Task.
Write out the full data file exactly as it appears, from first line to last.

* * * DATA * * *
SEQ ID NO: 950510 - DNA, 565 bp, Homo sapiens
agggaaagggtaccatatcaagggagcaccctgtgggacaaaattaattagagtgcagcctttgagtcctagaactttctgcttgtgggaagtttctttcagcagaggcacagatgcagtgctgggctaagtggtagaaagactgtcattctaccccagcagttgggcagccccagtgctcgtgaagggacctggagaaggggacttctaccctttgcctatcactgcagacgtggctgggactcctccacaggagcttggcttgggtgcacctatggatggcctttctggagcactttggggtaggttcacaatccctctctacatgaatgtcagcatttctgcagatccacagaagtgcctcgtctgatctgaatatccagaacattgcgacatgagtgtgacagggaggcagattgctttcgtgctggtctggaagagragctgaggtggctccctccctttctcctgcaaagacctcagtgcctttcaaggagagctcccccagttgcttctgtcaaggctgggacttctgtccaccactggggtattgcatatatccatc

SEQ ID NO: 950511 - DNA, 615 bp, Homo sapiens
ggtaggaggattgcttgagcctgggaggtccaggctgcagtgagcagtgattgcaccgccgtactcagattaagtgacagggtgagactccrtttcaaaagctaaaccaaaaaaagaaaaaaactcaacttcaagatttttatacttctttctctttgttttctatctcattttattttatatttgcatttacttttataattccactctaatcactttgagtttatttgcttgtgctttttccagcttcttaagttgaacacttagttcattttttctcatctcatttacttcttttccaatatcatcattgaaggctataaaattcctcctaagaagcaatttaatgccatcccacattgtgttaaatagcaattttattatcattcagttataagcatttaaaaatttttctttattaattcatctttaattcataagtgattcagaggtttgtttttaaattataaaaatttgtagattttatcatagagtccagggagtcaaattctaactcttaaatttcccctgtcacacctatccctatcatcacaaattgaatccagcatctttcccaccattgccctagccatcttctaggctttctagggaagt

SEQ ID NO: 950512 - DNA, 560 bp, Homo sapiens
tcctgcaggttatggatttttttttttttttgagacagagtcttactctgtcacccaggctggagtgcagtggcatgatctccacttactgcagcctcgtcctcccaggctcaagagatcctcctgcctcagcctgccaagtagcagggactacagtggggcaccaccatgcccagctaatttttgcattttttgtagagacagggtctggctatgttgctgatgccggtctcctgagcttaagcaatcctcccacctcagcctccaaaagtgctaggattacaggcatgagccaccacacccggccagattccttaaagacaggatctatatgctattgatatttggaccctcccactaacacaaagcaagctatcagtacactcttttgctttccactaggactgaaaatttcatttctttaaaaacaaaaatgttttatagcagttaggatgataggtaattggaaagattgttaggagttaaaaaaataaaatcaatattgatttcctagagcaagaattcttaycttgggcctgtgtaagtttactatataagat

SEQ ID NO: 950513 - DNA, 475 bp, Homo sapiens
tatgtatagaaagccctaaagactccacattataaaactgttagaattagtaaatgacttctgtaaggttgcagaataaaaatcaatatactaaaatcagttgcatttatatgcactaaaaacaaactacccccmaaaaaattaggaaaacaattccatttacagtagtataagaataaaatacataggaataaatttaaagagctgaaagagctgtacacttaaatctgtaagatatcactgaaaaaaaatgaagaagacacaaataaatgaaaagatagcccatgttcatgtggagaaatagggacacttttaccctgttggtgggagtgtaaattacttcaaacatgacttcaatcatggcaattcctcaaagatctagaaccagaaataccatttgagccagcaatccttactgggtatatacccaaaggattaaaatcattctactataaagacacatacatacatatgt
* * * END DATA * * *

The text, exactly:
SEQ ID NO: 950510 - DNA, 565 bp, Homo sapiens
agggaaagggtaccatatcaagggagcaccctgtgggacaaaattaattagagtgcagcctttgagtcctagaactttctgcttgtgggaagtttctttcagcagaggcacagatgcagtgctgggctaagtggtagaaagactgtcattctaccccagcagttgggcagccccagtgctcgtgaagggacctggagaaggggacttctaccctttgcctatcactgcagacgtggctgggactcctccacaggagcttggcttgggtgcacctatggatggcctttctggagcactttggggtaggttcacaatccctctctacatgaatgtcagcatttctgcagatccacagaagtgcctcgtctgatctgaatatccagaacattgcgacatgagtgtgacagggaggcagattgctttcgtgctggtctggaagagragctgaggtggctccctccctttctcctgcaaagacctcagtgcctttcaaggagagctcccccagttgcttctgtcaaggctgggacttctgtccaccactggggtattgcatatatccatc

SEQ ID NO: 950511 - DNA, 615 bp, Homo sapiens
ggtaggaggattgcttgagcctgggaggtccaggctgcagtgagcagtgattgcaccgccgtactcagattaagtgacagggtgagactccrtttcaaaagctaaaccaaaaaaagaaaaaaactcaacttcaagatttttatacttctttctctttgttttctatctcattttattttatatttgcatttacttttataattccactctaatcactttgagtttatttgcttgtgctttttccagcttcttaagttgaacacttagttcattttttctcatctcatttacttcttttccaatatcatcattgaaggctataaaattcctcctaagaagcaatttaatgccatcccacattgtgttaaatagcaattttattatcattcagttataagcatttaaaaatttttctttattaattcatctttaattcataagtgattcagaggtttgtttttaaattataaaaatttgtagattttatcatagagtccagggagtcaaattctaactcttaaatttcccctgtcacacctatccctatcatcacaaattgaatccagcatctttcccaccattgccctagccatcttctaggctttctagggaagt

SEQ ID NO: 950512 - DNA, 560 bp, Homo sapiens
tcctgcaggttatggatttttttttttttttgagacagagtcttactctgtcacccaggctggagtgcagtggcatgatctccacttactgcagcctcgtcctcccaggctcaagagatcctcctgcctcagcctgccaagtagcagggactacagtggggcaccaccatgcccagctaatttttgcattttttgtagagacagggtctggctatgttgctgatgccggtctcctgagcttaagcaatcctcccacctcagcctccaaaagtgctaggattacaggcatgagccaccacacccggccagattccttaaagacaggatctatatgctattgatatttggaccctcccactaacacaaagcaagctatcagtacactcttttgctttccactaggactgaaaatttcatttctttaaaaacaaaaatgttttatagcagttaggatgataggtaattggaaagattgttaggagttaaaaaaataaaatcaatattgatttcctagagcaagaattcttaycttgggcctgtgtaagtttactatataagat

SEQ ID NO: 950513 - DNA, 475 bp, Homo sapiens
tatgtatagaaagccctaaagactccacattataaaactgttagaattagtaaatgacttctgtaaggttgcagaataaaaatcaatatactaaaatcagttgcatttatatgcactaaaaacaaactacccccmaaaaaattaggaaaacaattccatttacagtagtataagaataaaatacataggaataaatttaaagagctgaaagagctgtacacttaaatctgtaagatatcactgaaaaaaaatgaagaagacacaaataaatgaaaagatagcccatgttcatgtggagaaatagggacacttttaccctgttggtgggagtgtaaattacttcaaacatgacttcaatcatggcaattcctcaaagatctagaaccagaaataccatttgagccagcaatccttactgggtatatacccaaaggattaaaatcattctactataaagacacatacatacatatgt